Chad Mcswain
One of the most frequent questions I have and get asked is, how do you know the will of God? "The Will of God" by Leslie D. Weatherhead is a practical book on the subject. The book has the pastoral touch as it collects five sermons delivered in London, England during World War II. With illustrations relating to any time period, the book is accessible to those that would like clarity on the day-to-day walk with God. Less than 100 pages, the book highlights the "intentional, circumstantial, and ul ...more
Excellent exposition on an off misused phrase. Focused discussion with some dated language but important concepts
I found Weatherhead's presentation of ideas informative and enlightening but his "categories" were not all that helpful. It never felt tidy enough to simply fall into "intentional," "circumstantial," or "ultimate." His discussion of circumstantial will was especially problematic.

The examples and illustrations that Weatherhead uses are also becoming increasingly outdated and not very relatable to a more modern audience. WW2 references to the Blitz are very difficult for today's reader to connect
This is a wonderful quick short book on The Will of God. The only contention I have is that I disagree with Weatherhead's assertion that it is the innate nature for women to want to have children. But understanding he is originally writing this Pre-1950s, technically the 40s than I can see were he does so. Outside of that this is as I have said a wonderful quick, short, and provocative book. I believe I have had to read this twice, each time for a class for my Undergraduate degree.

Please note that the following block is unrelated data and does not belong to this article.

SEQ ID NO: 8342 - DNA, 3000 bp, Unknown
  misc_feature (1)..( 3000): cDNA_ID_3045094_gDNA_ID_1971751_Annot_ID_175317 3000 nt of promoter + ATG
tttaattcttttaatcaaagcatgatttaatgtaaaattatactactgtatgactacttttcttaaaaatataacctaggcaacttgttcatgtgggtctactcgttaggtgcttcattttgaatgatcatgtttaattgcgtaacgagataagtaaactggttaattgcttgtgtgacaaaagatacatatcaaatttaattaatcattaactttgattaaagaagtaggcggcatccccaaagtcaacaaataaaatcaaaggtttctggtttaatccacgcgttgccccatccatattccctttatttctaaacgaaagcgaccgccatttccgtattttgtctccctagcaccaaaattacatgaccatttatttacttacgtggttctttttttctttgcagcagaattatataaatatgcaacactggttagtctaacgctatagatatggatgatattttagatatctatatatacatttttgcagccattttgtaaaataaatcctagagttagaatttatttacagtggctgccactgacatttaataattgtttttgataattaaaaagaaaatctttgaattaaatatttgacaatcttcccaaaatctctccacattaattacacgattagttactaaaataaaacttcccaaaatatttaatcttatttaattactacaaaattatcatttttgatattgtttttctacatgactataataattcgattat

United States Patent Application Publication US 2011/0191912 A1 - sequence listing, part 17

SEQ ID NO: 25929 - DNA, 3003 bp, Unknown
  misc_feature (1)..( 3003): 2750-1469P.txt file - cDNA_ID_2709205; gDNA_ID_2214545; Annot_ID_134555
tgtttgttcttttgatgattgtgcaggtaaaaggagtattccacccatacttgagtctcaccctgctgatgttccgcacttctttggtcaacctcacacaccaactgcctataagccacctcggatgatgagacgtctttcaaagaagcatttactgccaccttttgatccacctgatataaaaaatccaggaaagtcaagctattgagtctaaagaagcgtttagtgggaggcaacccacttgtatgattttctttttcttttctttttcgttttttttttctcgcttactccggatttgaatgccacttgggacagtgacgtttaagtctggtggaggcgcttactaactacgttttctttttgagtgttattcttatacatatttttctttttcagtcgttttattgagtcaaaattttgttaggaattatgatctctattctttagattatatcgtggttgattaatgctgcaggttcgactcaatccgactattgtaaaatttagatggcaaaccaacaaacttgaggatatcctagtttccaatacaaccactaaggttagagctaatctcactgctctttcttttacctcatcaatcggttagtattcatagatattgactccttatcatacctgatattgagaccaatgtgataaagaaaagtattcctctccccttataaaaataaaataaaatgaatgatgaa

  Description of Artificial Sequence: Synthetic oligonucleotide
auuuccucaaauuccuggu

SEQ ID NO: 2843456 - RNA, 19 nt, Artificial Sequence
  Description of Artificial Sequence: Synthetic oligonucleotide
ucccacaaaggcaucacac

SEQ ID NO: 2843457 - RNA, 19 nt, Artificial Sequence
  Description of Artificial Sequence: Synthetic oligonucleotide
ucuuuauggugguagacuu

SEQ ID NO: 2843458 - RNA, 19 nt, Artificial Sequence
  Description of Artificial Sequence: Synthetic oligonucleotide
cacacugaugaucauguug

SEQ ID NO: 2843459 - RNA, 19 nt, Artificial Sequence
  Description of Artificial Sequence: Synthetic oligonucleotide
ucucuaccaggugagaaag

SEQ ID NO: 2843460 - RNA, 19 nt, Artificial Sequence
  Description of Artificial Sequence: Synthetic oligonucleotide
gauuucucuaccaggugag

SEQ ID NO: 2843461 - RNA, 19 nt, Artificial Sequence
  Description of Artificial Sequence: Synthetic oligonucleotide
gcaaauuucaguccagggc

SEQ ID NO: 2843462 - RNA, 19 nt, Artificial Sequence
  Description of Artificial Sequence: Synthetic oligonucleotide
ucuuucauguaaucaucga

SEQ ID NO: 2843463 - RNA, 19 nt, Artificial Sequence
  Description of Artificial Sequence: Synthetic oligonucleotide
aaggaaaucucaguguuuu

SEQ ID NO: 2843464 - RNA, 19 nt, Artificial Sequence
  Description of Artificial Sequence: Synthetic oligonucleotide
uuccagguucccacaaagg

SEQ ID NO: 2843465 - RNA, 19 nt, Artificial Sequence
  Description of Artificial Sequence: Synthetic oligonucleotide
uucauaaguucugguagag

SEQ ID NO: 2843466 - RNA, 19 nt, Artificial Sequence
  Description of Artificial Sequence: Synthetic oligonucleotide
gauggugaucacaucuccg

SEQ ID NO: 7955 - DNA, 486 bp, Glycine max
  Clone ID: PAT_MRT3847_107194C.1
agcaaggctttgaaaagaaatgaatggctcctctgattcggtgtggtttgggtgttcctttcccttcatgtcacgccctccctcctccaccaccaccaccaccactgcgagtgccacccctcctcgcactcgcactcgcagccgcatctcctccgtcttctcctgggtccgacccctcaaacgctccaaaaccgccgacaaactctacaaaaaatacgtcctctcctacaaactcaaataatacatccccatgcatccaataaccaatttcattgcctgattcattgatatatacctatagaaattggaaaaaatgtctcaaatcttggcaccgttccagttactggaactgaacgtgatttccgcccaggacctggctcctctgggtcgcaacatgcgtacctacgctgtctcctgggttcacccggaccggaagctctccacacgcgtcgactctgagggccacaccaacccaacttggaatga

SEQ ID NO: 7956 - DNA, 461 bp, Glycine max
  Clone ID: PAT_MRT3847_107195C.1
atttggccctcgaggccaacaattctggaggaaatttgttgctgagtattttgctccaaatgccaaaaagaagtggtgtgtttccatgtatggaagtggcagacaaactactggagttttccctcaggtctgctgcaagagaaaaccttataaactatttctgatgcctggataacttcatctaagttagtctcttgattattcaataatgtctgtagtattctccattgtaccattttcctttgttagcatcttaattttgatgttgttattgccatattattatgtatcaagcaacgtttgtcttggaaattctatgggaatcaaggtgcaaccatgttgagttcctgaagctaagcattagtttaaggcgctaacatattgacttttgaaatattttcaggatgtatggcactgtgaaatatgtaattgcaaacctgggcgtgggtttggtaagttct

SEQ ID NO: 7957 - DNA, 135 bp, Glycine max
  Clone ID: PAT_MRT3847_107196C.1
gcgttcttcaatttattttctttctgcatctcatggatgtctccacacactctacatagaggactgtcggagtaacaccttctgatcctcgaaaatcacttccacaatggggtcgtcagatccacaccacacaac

This book helps to understand what most people question their entire lives. Once we understand that all things are not God's Intentional Will, we can understand that He ultimately prevails through the choices that man makes along the way. A brilliant explanation and very insightful.
Rated: C-

Purposes 3 wills of God: Intentional, Circumstantial, Ultimate & uses as basis Christ death as God's will for people to follow Christ, will for him to die as good out of evil, will of redemption. Weak premise.
Weatherhead confronts, and I believe, refutes the idea that human tragedies like the death of a child are "God's will. Successfully argues against the idea of God as a cosmic villain. Very readable.
Not a bad introduction to protestant Christian theodicy and issues surrounding the nature of evil.
Very interesting and thought provoking book.
a philosophy similar to my own.
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Leslie Dixon Weatherhead was an English Christian theologian in the liberal Protestant tradition. Renowned as one of Britain's finest preachers in his day, Weatherhead achieved notoriety for his preaching ministry at City Temple in London and for his books, including The Will of God, The Christian Agnostic and Psychology, Religion, and Healing.